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Posted 30 July 2019 - 06:18 AM
My kids are receiving sacrament of confirmation shortly, and it's been many years since I went through it all.
We are having a a small dinner post church, (15family memebers) at home, cake etc.
When they come to receive reconciliation, is that generally celebrated too?
Any insight appreciated.
Posted 30 July 2019 - 07:56 AM
I am assuming catholic? Many diocese do confimation first now.
Reconciliation is generally a private sacrament to a degree. My children did theirs after school, still in uniform. No celebration after, just a normal afternoon
Edited by jensta, 30 July 2019 - 07:58 AM.
Posted 30 July 2019 - 08:24 AM
Reconciliation, as the pp said, is a private and solemn sacrament, in my experience as a catholic who went to catholic school, got all the sacraments and did all the catholic things. Confirmation is celebratory because it’s the person choosing to become fully committed to the catholic faith, so a small dinner with cake sounds like it’ll be a great way to celebrate.
Posted 30 July 2019 - 08:47 AM
For us the answer is yes.
We celebrate/d each sacrament more or less the same way, with a small family gathering either at home or a nearby restaurant. Nice meal, cake, small gifts, dressy outfit. We found it a lovely way to gather family for a happy occasion and the kids love it of course.
Ours was/is in the order: reconciliation - first communion - confirmation. I'm aware that each church has their own approach and order to the sacraments, and also that they change over the years.
Posted 30 July 2019 - 10:23 AM
It’s standard where we are to go through reconciliation, communion and then confirmation. Normal process is Reconciliation in year 3, Communion in year 4 and Confirmation in year 6. Prior to each subsequent sacrament, there is a scheduled reconciliation ‘service’ that the children must attend as part of their preparation for the new sacrament.
We didn’t do anything special for first Reconciliaton. Only I was involved as I am the catholic parent, and it was on a weeknight evening, as are the preparation reconciliation services. Our church would love to think that they go to reconciliation regularly, but many children only go as part of their sacramental process.
Posted 30 July 2019 - 06:31 PM
8 is young to be making an adult affirmation of your baptismal commitment. I don't think my children would have done any of the sacraments if confirmation had come first. Only 1 has felt committed enough to want to do confirmation. Then again, that might be why some dioceses have chosen to do it first.
Posted 30 July 2019 - 08:06 PM
Our reconciliation was on a weeknight evening. I thought it was a small thing. Others did family dinners afterwards. Lots of photos and relatives etc.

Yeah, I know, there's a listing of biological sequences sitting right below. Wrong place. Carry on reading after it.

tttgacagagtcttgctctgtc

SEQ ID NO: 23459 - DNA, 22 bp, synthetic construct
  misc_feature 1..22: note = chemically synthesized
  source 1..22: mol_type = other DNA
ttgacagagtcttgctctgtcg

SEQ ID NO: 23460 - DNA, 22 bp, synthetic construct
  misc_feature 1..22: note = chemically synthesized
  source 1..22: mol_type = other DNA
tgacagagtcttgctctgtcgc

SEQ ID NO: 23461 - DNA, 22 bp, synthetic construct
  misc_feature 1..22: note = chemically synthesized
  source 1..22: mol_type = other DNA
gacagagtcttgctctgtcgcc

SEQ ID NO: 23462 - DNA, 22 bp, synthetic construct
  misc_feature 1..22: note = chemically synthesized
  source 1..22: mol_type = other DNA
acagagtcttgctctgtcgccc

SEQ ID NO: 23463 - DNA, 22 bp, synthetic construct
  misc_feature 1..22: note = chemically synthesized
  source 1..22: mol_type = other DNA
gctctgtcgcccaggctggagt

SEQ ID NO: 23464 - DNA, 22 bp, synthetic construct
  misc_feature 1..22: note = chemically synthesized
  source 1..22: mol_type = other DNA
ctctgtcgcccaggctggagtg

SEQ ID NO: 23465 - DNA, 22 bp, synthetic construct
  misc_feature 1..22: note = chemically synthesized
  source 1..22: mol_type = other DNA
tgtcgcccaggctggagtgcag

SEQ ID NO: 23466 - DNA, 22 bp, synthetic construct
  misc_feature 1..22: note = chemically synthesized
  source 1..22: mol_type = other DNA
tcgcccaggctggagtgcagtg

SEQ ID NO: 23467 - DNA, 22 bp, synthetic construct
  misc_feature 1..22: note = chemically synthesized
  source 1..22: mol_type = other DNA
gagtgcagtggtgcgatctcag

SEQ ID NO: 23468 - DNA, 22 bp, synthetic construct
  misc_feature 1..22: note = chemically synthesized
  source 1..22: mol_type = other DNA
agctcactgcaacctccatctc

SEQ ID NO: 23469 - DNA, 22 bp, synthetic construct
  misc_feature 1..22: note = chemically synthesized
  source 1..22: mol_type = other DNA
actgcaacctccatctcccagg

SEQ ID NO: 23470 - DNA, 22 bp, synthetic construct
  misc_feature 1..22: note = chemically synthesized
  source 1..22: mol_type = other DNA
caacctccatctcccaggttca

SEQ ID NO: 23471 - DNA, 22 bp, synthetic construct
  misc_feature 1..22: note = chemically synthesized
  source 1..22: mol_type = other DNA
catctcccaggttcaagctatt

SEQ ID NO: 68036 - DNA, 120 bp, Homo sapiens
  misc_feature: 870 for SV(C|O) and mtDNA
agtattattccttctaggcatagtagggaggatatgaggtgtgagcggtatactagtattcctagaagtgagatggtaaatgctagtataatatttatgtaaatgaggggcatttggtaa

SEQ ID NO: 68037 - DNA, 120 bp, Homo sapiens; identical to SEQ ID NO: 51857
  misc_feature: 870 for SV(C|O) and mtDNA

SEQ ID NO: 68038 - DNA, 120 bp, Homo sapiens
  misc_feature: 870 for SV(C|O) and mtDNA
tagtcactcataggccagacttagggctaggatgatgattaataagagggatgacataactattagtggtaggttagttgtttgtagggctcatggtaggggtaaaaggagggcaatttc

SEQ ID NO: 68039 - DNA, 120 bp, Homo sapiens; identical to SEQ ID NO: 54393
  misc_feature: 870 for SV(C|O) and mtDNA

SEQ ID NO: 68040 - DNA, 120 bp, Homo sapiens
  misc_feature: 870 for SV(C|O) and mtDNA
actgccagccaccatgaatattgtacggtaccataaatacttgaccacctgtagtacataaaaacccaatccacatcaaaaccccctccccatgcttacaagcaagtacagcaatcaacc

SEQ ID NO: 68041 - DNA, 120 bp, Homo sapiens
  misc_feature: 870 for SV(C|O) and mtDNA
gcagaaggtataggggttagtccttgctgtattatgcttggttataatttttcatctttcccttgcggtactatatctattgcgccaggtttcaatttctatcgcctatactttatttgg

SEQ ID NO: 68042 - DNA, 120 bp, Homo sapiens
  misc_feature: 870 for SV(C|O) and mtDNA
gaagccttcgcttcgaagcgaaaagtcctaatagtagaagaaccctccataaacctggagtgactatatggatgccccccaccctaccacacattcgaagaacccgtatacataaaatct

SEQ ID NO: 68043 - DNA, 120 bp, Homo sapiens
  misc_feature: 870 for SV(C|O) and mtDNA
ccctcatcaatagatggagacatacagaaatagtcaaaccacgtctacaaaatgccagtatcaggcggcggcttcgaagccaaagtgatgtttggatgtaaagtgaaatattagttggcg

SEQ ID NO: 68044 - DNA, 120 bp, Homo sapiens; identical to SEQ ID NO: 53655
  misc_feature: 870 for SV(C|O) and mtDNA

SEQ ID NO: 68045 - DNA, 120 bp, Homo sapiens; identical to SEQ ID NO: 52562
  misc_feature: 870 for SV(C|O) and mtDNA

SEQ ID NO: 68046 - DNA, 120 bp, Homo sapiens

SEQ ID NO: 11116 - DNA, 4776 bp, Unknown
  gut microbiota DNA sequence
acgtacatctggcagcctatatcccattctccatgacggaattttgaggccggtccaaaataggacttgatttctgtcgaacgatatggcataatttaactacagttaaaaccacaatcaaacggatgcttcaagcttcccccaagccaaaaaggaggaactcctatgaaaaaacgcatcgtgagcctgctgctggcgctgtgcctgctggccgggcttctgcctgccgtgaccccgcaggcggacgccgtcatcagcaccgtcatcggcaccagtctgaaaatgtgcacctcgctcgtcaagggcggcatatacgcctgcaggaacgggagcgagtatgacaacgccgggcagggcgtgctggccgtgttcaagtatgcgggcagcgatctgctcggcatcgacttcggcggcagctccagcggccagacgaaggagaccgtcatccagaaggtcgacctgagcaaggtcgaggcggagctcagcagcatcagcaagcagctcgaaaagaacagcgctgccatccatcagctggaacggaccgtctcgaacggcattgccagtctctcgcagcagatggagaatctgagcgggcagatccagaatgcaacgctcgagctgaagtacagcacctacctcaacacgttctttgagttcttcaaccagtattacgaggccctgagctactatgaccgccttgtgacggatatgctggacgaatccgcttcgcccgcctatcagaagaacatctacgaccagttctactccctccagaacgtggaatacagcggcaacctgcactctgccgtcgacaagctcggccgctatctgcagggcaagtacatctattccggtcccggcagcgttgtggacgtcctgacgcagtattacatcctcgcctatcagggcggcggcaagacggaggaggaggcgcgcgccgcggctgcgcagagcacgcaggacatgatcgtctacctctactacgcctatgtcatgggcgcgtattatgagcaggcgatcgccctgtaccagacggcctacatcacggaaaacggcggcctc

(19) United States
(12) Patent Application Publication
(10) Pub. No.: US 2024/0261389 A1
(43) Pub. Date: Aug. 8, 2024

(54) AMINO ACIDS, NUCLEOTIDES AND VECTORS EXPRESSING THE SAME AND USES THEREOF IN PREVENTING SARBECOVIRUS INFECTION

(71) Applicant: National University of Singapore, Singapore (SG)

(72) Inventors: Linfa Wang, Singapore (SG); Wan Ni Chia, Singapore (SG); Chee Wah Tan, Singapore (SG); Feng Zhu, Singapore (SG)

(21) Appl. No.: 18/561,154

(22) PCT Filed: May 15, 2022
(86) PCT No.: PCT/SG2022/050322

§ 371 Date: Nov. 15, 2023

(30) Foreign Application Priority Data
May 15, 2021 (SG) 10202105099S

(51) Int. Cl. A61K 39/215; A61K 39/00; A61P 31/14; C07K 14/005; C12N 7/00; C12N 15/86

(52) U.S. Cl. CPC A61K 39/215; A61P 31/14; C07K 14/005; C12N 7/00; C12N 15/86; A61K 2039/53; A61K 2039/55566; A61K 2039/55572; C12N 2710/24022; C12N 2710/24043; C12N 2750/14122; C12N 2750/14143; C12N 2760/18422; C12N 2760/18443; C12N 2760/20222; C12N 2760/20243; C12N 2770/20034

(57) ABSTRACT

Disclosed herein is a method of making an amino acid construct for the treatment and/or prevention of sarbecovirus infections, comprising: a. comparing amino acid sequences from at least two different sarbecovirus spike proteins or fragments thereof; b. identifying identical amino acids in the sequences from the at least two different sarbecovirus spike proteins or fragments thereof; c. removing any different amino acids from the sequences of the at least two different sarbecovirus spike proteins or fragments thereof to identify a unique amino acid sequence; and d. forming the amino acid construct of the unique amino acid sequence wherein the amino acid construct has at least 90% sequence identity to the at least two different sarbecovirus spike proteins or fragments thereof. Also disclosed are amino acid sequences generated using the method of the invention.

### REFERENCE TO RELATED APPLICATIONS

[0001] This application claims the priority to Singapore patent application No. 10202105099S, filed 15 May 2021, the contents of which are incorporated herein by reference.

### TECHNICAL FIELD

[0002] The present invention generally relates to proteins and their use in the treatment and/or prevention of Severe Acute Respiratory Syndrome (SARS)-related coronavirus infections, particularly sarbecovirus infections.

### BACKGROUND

Still no where as big as FHC and Confirmation.
Families from a European background tent to have a bigger celebration in our area.
Posted 31 July 2019 - 10:14 AM
A lot of Diocese have chosen to restore the original order of christian initiation, so confirmation is now done around year 2 for us. This is a link from Brisbane Archdiocese that explains it
Because it was no longer the sacrament which linked Baptism and First Communion, Confirmation gradually took on new meanings, including the ‘sacrament of adulthood’, becoming ‘a soldier of Christ’, and even signing the pledge (a promise not to drink alcohol until a certain age, or even for life!).
The new Rite of Confirmation issued in 1971 put confirmation back where it belongs, as the link between Baptism and First Communion. Confirmation is the sacrament which ‘seals’ or ‘reaffirms’ our baptism before we take the final step in becoming a full member of the Catholic Church – sharing in Holy Communion for the first time.
In recent years many dioceses in Australia and other parts of the world have responded to the Church’s call to restore confirmation to its proper place and meaning.
Posted 31 July 2019 - 08:19 PM
Jensta - that’s so interesting! I never knew any of that, and when I had it all in the late 90’s to early 00’s, we were told that you have your first reconciliation to admit your sins, then participate in the rite of first communion, until as your excerpt said, you become an adult in the church through confirmation. So to hear that wasn’t the original order or meaning is mind blowing! I’m going to surprise my incredibly catholic parents with some knowledge bombs and see if they know about this!
Posted 01 August 2019 - 08:18 AM
My son did the sacraments last year. We didn’t really do much in the way of a party or anything but it seemed to me like confirmation and first communion were the ones that were the big deal. Reconciliation wasn’t, it was just the kids and their chaperone there, they weren’t dressed up or anything.
Posted 01 August 2019 - 08:39 AM
Wow, that's interesting about confirmation. It's not filtered down yet to our local Catholic primary in Melbourne.
DD just did her first communion and the whole thing was cast as as the sacrament between reconciliation and confirmation. Wonder if it's a change that's growing and we'll see it eventually.
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